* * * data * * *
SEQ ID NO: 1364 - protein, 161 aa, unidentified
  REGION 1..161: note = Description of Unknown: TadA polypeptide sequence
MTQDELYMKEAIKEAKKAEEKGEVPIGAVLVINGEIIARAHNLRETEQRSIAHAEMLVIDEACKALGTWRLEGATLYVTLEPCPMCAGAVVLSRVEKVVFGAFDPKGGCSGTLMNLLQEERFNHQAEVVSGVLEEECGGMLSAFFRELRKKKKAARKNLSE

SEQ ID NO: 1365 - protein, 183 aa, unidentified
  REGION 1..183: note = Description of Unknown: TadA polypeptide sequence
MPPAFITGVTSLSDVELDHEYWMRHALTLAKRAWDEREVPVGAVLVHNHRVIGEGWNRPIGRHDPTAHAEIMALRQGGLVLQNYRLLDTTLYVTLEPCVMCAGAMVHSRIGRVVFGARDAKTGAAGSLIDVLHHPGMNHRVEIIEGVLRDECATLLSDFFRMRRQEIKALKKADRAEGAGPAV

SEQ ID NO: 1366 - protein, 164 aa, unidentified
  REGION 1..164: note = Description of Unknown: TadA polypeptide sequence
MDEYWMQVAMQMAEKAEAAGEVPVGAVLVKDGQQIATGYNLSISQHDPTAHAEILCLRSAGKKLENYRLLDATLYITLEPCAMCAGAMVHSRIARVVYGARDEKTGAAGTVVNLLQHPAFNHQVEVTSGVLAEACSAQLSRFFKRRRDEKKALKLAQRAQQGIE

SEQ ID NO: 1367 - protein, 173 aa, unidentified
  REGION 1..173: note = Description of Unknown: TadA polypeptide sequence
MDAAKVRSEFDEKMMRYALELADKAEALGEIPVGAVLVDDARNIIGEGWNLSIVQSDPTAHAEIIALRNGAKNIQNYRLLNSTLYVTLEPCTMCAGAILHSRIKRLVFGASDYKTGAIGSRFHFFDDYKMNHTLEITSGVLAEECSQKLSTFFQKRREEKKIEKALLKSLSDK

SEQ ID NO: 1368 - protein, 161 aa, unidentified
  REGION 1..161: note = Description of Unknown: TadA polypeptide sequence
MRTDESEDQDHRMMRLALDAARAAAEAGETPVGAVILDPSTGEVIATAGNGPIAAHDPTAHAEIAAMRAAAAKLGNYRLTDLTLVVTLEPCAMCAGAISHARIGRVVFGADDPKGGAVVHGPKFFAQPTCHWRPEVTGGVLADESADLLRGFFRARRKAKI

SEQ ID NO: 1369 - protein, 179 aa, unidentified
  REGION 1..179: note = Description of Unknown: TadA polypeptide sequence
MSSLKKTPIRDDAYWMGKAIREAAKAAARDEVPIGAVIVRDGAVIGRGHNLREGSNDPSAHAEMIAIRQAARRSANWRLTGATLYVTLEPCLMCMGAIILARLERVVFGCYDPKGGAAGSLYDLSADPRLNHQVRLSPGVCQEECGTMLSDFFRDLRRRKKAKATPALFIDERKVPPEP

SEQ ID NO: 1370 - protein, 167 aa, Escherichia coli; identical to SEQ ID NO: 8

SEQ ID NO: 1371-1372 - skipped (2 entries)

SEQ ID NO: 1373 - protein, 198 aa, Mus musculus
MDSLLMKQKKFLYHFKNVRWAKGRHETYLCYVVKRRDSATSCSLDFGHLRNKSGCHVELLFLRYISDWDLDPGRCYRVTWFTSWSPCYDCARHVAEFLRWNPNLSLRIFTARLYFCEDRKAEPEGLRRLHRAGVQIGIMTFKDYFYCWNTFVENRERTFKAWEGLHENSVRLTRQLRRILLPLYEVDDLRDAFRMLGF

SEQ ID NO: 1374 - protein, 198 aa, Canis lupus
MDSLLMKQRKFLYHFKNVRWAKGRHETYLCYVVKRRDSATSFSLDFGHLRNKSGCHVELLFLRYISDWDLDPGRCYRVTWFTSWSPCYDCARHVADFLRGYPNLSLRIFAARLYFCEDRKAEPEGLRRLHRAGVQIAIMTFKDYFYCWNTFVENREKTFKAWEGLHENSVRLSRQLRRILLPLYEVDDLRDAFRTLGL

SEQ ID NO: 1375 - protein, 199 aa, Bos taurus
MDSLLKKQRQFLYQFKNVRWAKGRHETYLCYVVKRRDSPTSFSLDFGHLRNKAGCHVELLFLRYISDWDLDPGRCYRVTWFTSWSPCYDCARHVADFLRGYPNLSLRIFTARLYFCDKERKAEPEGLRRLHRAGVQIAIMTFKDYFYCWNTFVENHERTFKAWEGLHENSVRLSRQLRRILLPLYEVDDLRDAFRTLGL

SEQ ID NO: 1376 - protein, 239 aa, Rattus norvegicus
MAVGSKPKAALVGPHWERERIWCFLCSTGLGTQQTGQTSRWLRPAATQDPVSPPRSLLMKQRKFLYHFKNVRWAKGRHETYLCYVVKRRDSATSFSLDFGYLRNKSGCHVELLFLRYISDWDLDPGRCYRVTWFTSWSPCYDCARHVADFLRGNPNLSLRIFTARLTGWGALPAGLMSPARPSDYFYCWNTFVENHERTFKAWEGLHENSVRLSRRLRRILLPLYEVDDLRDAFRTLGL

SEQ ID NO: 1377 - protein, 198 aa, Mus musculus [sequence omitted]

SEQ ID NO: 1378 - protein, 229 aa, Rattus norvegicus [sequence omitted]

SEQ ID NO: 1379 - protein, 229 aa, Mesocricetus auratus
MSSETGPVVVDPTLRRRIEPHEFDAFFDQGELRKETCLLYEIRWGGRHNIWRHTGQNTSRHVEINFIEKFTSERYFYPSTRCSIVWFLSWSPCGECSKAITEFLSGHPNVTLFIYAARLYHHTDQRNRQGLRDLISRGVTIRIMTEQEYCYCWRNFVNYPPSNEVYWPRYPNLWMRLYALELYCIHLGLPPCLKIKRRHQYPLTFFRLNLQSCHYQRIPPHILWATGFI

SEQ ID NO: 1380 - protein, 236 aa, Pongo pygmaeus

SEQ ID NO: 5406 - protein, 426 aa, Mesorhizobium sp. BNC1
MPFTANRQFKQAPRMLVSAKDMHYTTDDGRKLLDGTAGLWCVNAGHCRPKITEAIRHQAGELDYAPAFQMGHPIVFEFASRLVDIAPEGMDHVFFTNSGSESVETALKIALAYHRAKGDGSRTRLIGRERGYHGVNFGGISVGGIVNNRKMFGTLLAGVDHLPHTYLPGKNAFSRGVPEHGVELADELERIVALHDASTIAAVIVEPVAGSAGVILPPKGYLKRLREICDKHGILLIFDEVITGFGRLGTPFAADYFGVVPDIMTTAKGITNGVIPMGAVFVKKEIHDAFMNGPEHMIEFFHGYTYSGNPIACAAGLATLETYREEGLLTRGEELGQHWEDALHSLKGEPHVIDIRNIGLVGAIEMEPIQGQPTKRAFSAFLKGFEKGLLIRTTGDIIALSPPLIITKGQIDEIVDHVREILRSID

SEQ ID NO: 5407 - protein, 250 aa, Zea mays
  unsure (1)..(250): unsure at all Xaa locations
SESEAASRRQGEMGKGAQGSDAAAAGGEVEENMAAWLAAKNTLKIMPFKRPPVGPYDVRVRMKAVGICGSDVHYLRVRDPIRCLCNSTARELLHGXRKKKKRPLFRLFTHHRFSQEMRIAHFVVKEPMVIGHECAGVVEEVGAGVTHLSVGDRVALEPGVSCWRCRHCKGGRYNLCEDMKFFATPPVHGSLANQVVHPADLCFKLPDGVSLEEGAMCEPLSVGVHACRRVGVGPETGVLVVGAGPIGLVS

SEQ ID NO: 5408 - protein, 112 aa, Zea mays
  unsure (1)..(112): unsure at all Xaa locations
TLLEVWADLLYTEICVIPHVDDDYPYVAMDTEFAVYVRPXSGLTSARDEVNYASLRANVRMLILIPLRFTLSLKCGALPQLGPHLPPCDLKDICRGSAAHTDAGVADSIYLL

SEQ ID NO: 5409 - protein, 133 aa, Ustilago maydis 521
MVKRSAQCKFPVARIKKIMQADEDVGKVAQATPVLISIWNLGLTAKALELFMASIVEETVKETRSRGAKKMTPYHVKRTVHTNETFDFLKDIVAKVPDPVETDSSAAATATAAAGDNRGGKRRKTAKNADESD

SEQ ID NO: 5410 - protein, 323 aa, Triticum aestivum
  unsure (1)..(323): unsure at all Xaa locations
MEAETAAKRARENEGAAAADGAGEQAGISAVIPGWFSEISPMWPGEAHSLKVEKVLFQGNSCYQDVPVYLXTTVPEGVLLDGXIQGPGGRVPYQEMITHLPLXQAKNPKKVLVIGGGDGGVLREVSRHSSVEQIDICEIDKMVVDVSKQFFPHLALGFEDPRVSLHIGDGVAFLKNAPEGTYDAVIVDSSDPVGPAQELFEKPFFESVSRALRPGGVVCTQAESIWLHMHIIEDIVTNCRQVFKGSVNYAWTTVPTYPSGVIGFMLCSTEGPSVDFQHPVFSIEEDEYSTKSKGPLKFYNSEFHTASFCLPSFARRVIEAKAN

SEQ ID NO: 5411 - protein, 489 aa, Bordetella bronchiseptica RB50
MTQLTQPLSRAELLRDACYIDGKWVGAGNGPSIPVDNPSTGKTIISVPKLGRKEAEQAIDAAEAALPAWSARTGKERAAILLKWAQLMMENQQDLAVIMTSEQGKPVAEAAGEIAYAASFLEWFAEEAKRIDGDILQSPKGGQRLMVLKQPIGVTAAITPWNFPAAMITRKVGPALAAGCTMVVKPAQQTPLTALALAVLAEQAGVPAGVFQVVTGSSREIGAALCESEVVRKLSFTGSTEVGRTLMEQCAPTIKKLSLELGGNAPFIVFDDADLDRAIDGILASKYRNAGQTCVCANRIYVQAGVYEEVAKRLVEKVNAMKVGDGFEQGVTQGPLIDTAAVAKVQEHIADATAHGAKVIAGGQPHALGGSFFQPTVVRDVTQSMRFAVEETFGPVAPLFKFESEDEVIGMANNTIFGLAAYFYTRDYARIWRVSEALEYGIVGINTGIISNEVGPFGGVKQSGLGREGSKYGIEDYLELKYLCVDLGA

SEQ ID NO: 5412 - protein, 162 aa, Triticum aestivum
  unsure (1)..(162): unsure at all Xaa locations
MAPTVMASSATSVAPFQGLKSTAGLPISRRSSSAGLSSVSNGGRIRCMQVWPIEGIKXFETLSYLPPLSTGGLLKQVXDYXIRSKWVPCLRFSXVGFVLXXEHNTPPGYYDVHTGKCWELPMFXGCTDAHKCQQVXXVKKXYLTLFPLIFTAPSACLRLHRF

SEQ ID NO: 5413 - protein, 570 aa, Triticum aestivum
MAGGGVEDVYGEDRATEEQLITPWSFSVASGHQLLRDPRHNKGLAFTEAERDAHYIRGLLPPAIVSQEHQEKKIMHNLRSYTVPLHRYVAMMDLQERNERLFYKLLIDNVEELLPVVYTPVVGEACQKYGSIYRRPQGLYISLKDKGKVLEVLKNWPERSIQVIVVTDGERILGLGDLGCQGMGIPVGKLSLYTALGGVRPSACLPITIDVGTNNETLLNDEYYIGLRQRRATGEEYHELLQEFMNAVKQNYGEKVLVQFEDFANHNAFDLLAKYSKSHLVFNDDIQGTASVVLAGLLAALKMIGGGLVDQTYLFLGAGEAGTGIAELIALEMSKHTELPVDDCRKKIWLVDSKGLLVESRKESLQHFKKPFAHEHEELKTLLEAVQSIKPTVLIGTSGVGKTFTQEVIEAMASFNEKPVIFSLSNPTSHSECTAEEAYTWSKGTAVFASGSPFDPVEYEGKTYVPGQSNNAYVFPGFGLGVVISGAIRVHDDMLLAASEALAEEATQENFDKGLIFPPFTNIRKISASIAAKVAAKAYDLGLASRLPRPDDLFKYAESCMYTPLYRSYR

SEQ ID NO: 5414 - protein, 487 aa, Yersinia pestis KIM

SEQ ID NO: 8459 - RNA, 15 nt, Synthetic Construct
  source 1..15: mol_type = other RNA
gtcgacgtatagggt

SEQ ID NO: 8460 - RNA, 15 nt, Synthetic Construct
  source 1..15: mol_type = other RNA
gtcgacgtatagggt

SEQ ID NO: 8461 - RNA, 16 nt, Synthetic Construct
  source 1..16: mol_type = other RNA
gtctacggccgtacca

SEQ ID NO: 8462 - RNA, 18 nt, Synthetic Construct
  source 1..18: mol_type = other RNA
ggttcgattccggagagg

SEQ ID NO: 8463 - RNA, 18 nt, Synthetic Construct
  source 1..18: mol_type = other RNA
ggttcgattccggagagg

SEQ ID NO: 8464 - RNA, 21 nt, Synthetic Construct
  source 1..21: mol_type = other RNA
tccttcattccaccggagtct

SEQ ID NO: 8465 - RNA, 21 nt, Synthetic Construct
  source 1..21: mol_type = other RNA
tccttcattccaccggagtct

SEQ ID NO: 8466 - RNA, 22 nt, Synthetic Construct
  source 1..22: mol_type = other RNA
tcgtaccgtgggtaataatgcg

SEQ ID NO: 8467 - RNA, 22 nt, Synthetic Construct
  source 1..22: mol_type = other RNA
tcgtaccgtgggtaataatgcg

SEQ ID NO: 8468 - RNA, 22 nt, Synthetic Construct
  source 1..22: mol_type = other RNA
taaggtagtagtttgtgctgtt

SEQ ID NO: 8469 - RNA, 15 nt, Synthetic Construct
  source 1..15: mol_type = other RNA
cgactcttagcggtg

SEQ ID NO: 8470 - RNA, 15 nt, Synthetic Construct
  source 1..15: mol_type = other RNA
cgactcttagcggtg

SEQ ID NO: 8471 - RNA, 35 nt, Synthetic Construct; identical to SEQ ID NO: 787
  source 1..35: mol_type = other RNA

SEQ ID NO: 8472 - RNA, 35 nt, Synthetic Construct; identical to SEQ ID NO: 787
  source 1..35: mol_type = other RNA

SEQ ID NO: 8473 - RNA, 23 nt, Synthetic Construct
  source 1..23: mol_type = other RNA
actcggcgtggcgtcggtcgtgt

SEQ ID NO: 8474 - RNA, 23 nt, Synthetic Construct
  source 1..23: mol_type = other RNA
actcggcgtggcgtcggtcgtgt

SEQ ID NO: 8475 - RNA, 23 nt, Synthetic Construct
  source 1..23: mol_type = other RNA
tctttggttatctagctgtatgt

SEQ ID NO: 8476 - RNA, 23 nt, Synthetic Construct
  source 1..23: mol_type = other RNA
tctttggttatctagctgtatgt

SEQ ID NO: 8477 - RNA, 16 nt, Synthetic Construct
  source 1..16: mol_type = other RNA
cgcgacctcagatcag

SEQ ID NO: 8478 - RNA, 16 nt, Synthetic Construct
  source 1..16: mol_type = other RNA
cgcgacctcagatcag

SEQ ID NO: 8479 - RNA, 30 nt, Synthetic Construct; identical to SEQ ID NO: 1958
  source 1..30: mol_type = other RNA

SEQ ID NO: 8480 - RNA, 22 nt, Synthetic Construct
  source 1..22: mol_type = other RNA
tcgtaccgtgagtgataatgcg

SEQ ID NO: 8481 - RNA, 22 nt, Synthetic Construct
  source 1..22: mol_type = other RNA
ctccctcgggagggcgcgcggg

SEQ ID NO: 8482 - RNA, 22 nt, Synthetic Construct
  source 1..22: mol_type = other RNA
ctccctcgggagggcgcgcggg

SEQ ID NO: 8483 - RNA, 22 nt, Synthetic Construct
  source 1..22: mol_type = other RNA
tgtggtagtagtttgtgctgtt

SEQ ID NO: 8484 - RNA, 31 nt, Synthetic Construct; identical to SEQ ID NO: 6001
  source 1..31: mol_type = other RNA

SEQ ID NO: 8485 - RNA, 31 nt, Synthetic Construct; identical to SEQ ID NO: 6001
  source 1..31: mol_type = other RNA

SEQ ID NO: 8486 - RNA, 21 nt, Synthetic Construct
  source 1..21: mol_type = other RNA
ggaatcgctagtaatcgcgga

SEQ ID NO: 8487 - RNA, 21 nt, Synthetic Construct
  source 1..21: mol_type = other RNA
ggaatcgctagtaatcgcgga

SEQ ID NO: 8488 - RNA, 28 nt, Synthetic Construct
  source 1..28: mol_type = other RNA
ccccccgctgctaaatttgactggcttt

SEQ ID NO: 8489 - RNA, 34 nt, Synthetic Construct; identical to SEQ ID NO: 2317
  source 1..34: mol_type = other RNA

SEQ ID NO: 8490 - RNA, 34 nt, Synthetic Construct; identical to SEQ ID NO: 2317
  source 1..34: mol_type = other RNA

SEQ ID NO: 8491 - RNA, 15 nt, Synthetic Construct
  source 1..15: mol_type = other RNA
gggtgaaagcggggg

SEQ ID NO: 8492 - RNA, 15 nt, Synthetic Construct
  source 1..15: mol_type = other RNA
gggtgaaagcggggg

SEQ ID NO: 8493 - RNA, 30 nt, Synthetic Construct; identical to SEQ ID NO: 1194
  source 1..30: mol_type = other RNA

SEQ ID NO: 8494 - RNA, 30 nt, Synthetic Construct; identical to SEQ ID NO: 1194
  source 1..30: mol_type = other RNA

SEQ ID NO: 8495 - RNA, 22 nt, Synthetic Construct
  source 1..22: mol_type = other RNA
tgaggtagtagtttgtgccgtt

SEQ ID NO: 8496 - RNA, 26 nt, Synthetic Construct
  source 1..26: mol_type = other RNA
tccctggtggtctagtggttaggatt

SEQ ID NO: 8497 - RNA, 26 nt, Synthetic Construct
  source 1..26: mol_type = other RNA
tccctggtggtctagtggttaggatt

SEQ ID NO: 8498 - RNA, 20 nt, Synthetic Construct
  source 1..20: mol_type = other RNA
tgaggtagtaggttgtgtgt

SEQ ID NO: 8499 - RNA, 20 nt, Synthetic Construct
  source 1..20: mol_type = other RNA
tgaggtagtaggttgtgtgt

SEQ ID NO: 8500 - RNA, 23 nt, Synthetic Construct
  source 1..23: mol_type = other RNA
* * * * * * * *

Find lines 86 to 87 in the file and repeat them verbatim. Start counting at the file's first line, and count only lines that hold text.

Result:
  source 1..15: mol_type = other RNA
cgactcttagcggtg